Review: There's little information to be found about German producer CVBox, other than that this is his first single for Dresden's consistently excellent Uncanny Valley imprint. As the title suggests, Analogue Amputations offers a dreamy, otherworldly take on deep house created using vintage machinery. Opener "Past The Eclipse" sets the tone, delivering a hypnotic number oozing with electronic pulses and rising and falling chords. "Counterflow" offers a delicious contrast between darkness and light, before "Droid Swift 586" impressively fuses elements of classic dub techno, bubbling electro and clandestine deepness. The Rising High-inspired ambient houser "Orience" completes an impressive package.
Review: After debuting on Jacob Korn's Uncanny Valley last year, CVBox returns to the label with an impressive third EP. The title track bleeps like a sluggish Sandwell District track lost in reverberating drone of Prologue-like ambience, while the dubby "Echo Place" lightens in mood thanks to spritzy synths and rolling drums and percussion. "Leo On LFO" sees CVBox turn to electro for inspiration, while "Remind 20:3" features new name Micha Freier for a placid stroll through a deep house and an atmospheric field of chiming keys and lush synth pads.
Review: Translated into English, the title of this album is 'this is how it is in the pine forest'. Maybe Uncanny Valley artist CVBox is referring to his physical surroundings in rural Germany, or he could be describing the recording process behind his debut album. If we assume he means the latter, then the title is a smart if somewhat obtuse explanation. Tracks like "Oberla 8" and "707 Dubbing" start with powerful, dub bass before introducing a hail of acid bleeps, while on "Iv Box", there are no beats, but a frosty ambient cloak lifts to reveal hypnosis-inducing electronic tones. "CV Cat" sees the German producer move towards the detuned trance of Mathew Jonson, but even here the approach is like being in the middle of a pine forest - covered from floor to sky by layer upon layer of multi-coloured textures.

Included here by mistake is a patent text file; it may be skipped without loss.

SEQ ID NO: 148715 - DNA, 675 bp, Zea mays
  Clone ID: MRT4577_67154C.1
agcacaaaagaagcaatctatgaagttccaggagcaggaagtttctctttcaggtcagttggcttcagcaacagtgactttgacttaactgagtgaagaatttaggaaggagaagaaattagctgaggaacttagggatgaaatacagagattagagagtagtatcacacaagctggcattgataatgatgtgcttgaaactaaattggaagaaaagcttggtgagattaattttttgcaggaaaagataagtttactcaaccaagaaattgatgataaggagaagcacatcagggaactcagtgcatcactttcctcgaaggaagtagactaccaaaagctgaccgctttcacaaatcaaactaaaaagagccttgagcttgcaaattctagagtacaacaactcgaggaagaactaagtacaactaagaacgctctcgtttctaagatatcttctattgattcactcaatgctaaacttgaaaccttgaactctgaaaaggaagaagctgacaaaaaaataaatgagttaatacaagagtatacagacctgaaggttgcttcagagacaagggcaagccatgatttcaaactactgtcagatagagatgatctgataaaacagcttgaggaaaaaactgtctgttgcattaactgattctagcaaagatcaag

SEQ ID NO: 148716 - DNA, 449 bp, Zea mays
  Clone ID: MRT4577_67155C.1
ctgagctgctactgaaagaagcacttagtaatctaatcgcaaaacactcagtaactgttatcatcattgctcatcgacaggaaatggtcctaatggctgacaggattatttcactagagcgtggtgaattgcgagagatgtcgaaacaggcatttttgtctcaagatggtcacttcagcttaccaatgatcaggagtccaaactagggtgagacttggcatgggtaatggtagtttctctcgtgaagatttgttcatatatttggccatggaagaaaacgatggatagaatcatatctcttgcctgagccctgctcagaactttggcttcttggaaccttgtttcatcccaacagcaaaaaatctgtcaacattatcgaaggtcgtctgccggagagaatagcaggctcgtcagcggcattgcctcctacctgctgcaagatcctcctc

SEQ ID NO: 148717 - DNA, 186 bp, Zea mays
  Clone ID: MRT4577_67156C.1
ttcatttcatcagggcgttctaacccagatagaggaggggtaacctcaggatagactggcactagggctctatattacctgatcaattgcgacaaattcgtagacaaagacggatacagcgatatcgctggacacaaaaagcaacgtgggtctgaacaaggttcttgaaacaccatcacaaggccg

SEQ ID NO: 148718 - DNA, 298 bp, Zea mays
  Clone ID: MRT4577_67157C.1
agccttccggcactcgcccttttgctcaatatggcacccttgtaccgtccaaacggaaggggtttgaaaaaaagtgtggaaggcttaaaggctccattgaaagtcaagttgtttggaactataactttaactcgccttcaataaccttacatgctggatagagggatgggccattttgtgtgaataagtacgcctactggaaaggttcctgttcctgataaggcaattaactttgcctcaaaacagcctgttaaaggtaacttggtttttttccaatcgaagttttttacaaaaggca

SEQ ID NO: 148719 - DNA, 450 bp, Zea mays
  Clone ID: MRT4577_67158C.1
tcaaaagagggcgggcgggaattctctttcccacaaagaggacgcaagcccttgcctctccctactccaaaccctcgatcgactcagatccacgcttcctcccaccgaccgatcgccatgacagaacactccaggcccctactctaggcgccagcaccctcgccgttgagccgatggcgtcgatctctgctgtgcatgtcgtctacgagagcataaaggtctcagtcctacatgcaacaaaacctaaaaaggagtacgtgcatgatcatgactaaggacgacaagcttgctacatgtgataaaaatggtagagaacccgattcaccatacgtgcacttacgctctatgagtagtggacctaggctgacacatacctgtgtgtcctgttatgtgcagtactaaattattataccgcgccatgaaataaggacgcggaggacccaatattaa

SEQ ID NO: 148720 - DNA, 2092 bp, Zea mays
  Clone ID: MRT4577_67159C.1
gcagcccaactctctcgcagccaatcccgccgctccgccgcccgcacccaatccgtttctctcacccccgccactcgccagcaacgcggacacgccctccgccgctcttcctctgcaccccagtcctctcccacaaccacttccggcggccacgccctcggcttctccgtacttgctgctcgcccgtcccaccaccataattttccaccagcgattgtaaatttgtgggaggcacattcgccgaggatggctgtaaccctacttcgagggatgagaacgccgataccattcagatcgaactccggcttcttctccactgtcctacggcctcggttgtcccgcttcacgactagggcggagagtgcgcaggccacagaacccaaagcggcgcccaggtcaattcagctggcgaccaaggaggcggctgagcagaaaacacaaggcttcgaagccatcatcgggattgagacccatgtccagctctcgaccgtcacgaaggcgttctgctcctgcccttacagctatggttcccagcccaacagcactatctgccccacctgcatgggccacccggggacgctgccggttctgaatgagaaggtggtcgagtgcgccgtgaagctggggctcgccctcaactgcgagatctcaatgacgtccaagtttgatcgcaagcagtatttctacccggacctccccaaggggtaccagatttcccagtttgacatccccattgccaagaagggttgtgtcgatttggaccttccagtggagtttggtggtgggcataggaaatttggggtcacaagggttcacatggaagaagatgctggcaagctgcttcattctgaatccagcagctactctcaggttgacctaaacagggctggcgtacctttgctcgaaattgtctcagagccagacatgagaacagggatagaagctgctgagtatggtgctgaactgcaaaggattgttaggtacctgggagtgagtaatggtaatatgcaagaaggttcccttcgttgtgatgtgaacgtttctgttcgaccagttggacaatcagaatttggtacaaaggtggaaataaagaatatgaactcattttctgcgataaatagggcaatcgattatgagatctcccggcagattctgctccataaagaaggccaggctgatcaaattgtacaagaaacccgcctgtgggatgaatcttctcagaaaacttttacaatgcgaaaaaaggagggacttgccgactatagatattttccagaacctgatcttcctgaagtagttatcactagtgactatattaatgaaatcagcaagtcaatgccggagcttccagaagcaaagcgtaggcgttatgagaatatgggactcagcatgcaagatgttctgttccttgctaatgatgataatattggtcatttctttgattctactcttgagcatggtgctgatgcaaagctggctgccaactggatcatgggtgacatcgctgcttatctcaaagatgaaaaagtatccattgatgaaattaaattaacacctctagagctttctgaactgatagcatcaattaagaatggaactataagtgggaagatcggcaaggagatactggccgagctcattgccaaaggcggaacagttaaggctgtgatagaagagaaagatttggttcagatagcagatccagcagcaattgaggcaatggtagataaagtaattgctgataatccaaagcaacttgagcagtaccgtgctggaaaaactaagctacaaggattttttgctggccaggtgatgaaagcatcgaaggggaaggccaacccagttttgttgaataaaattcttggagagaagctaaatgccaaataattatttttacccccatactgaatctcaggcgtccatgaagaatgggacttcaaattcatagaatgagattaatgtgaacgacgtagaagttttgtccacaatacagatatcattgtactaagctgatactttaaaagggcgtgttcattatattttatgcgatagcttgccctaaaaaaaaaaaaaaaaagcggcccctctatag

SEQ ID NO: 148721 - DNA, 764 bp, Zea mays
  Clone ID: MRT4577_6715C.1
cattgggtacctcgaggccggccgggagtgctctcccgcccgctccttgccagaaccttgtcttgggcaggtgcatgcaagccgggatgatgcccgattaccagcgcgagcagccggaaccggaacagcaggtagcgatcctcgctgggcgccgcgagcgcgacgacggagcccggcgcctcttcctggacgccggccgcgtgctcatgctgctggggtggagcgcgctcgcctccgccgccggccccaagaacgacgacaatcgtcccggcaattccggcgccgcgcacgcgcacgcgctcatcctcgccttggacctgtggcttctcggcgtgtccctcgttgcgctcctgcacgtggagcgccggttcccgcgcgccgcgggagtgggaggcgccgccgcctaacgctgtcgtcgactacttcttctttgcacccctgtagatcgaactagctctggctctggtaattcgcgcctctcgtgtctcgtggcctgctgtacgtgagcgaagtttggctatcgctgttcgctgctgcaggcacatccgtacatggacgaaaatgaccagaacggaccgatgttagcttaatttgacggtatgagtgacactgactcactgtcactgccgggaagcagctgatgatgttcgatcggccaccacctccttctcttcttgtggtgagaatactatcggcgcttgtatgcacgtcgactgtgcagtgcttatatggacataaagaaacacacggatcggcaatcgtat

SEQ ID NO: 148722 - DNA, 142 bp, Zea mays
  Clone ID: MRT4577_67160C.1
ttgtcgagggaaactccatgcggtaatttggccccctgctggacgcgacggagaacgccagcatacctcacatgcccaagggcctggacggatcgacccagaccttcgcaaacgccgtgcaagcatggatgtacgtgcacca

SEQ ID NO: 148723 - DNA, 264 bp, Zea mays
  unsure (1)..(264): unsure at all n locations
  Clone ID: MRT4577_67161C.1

Review: CVBox teams up with likeminded producer Micha Freier for a gorgeously seductive deep house release. Favouring an introspective sound, the duo conjure up the kind of fantastically melodic, intricate tracks that are usually the preserve of Detroit producers like Patrice Scott or Keith Worthy. "Blinking Lights" sets the tone wonderfully with its swirling chords and understated drums, while "Bad Gate Way" is underscored with a pulsing electronic bass. It's the most dance floor-focused moment on the release and soon enough, the pair are navigating their way back to more refined sounds courtesy of the subtle percussive ticks of "Playwatch" and the immersive icy ambience of "XOXO".
Iron Curtis - "Against My Window" (Dazed mix) - (7:14) 127 BPM
Perm - "VLIW" - (4:50) 144 BPM
CVBox - "Cat Cut Claps" - (6:01) 129 BPM
Dispo 5000 - "Klingenberg" - (5:16) 120 BPM
Review: As you'd expect, there's plenty of treats to be found on the fifth colour-coded EP in Uncanny Valley's 50th release series. Iron Curtis steps up first with an enveloping and hypnotic chunk of deep house headiness ("Against My Window (Dazed Mix)", which boasts a particularly strong bassline), before Perm peppers a hybrid ghetto-house/electro beat with starry synth chords and pin-sharp TB-303 style acid lines on "VLIW". CVBox tiptoes the fine line between spaced-out deep house, acid and electro on the formidably fuzzy "Cat Cut Claps", while Dispo 5000 crafts a sturdy electro cut out of stabbing acid bass, ethereal new age chords and crunchy machine drums ("Klinkenberg").
Review: Dresden-based imprint Uncanny Valley reach release number four with this three track EP from Sneaker, Cvbox and Stefan Lohse. Sneaker's "You Think You Think" kicks things off with claps and a chuggy bass forming the rhythmic thrust along with some decidedly metallic synth twangs! Cvbox's "Machinematch" gurgles with acidic intent, while Lohse's "Pl'a'tschern" is comprised of water drips and an ominous thudding techno bass drum serving as the metronomic pulse, before a warped bassline comes in to provide the track with that oddball charm that Uncanny Valley specialise in. Be sure to keep and ear out for release number five, which will be helmed by Jacob Korn (with a notable deviation in terms of artwork from previous releases). UV is fast becoming an essential little label.